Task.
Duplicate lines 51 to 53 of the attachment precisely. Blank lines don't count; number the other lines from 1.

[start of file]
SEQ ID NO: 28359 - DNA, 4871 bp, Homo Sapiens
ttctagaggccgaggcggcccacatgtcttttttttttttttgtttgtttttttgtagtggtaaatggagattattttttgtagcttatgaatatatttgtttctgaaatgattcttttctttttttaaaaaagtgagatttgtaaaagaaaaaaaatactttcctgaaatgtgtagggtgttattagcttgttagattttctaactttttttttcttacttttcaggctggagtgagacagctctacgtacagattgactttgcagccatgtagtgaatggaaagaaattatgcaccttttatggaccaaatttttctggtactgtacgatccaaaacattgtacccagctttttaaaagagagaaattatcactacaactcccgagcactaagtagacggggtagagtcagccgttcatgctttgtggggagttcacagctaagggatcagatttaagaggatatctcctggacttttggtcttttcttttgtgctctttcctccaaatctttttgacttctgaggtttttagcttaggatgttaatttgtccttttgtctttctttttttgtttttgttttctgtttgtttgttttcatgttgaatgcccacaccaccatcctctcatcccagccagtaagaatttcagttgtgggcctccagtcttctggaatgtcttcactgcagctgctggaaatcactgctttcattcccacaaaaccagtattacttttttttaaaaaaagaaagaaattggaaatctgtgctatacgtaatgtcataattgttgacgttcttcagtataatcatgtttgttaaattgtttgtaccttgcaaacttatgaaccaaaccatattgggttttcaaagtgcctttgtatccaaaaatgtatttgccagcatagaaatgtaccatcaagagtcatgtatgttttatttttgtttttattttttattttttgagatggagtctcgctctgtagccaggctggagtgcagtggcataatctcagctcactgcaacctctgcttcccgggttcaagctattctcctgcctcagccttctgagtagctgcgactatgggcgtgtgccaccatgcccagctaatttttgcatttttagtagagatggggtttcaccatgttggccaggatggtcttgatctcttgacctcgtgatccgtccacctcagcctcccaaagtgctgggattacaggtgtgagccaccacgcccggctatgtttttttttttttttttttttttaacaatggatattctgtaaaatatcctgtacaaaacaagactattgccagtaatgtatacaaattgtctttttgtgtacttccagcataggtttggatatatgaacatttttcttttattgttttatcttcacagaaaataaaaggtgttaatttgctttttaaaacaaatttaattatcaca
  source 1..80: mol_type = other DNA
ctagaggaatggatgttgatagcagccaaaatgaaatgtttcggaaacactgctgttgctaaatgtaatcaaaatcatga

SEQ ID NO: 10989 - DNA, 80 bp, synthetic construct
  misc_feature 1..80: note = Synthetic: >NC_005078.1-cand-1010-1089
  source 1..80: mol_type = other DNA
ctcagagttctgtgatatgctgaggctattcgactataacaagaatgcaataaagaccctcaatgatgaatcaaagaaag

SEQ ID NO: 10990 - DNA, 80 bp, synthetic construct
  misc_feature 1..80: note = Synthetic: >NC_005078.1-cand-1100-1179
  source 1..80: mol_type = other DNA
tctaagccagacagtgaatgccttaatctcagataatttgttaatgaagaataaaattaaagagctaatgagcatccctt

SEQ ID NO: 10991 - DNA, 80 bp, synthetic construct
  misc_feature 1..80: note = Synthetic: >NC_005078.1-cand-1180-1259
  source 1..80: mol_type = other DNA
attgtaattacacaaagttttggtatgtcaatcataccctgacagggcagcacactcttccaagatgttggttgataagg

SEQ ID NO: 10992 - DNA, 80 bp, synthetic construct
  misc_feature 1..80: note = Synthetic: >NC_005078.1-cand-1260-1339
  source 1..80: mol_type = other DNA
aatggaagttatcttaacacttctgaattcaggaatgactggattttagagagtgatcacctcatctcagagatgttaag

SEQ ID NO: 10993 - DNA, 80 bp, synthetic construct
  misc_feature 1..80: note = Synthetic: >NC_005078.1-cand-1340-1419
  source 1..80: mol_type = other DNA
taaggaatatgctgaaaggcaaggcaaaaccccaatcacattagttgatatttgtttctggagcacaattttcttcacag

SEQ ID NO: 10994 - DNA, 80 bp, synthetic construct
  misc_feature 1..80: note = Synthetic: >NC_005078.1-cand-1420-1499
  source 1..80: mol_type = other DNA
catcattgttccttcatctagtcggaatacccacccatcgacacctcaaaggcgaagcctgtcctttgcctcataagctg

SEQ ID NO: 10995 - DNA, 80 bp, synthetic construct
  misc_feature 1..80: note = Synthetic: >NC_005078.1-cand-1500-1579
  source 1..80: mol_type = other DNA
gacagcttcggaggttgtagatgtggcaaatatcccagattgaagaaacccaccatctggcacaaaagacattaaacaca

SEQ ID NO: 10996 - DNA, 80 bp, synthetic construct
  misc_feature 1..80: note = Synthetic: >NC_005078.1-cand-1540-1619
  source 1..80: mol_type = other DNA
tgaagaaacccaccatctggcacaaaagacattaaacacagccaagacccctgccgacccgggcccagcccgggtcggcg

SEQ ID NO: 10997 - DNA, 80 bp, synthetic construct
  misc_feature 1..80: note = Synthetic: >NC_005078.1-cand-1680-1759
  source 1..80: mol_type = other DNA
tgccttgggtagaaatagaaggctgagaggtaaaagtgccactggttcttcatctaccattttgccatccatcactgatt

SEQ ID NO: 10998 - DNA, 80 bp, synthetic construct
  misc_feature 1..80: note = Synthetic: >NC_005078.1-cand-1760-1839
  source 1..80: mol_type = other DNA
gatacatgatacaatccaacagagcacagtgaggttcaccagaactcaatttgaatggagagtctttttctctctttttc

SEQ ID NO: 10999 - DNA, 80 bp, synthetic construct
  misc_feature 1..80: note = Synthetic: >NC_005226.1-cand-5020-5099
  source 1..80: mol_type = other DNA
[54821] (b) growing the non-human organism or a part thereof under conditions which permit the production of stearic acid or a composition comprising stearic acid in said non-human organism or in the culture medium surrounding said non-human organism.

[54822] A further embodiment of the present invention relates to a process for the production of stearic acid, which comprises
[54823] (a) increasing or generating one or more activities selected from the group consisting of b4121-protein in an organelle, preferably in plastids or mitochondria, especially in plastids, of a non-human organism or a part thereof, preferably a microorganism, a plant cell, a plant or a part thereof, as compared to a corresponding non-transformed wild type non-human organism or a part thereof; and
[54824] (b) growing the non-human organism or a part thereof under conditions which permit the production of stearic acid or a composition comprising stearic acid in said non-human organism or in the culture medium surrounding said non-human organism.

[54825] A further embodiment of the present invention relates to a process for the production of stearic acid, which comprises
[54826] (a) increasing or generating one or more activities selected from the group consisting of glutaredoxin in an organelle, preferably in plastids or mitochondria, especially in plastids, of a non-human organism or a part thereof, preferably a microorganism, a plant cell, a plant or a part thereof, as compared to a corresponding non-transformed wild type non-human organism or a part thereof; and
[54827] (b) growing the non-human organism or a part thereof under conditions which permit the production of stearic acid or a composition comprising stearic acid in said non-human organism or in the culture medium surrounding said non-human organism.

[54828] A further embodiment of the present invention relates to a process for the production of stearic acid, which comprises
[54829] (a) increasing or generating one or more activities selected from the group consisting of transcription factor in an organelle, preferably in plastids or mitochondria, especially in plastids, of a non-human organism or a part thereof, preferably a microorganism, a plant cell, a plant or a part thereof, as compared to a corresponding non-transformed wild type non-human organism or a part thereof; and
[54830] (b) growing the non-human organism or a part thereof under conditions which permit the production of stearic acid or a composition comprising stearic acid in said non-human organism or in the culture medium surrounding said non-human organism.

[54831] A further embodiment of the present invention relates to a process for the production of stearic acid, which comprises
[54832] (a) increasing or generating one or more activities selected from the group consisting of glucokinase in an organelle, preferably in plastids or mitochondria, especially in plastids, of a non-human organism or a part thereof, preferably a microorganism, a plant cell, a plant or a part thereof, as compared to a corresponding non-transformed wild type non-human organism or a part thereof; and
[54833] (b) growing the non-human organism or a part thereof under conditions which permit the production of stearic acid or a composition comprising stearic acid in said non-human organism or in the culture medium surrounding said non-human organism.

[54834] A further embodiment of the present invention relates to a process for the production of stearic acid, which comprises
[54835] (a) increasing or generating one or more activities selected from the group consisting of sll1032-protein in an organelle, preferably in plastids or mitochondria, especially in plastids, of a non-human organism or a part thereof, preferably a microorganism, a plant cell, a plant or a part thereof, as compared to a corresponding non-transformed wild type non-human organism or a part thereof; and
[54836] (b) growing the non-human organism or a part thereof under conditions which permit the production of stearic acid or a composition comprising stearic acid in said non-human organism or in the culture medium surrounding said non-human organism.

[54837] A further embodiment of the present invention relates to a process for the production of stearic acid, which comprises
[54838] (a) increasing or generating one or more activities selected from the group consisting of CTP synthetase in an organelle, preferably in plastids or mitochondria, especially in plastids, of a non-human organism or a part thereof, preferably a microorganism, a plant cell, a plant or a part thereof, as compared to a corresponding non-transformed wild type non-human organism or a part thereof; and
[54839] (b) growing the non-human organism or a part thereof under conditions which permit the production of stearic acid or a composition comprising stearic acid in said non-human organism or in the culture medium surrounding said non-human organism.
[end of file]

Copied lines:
[54824] (b) growing the non-human organism or a part thereof under conditions which permit the production of stearic acid or a composition comprising stearic acid in said non-human organism or in the culture medium surrounding said non-human organism.

[54825] A further embodiment of the present invention relates to a process for the production of stearic acid, which comprises
[54826] (a) increasing or generating one or more activities selected from the group consisting of glutaredoxin in an organelle, preferably in plastids or mitochondria, especially in plastids, of a non-human organism or a part thereof, preferably a microorganism, a plant cell, a plant or a part thereof, as compared to a corresponding non-transformed wild type non-human organism or a part thereof; and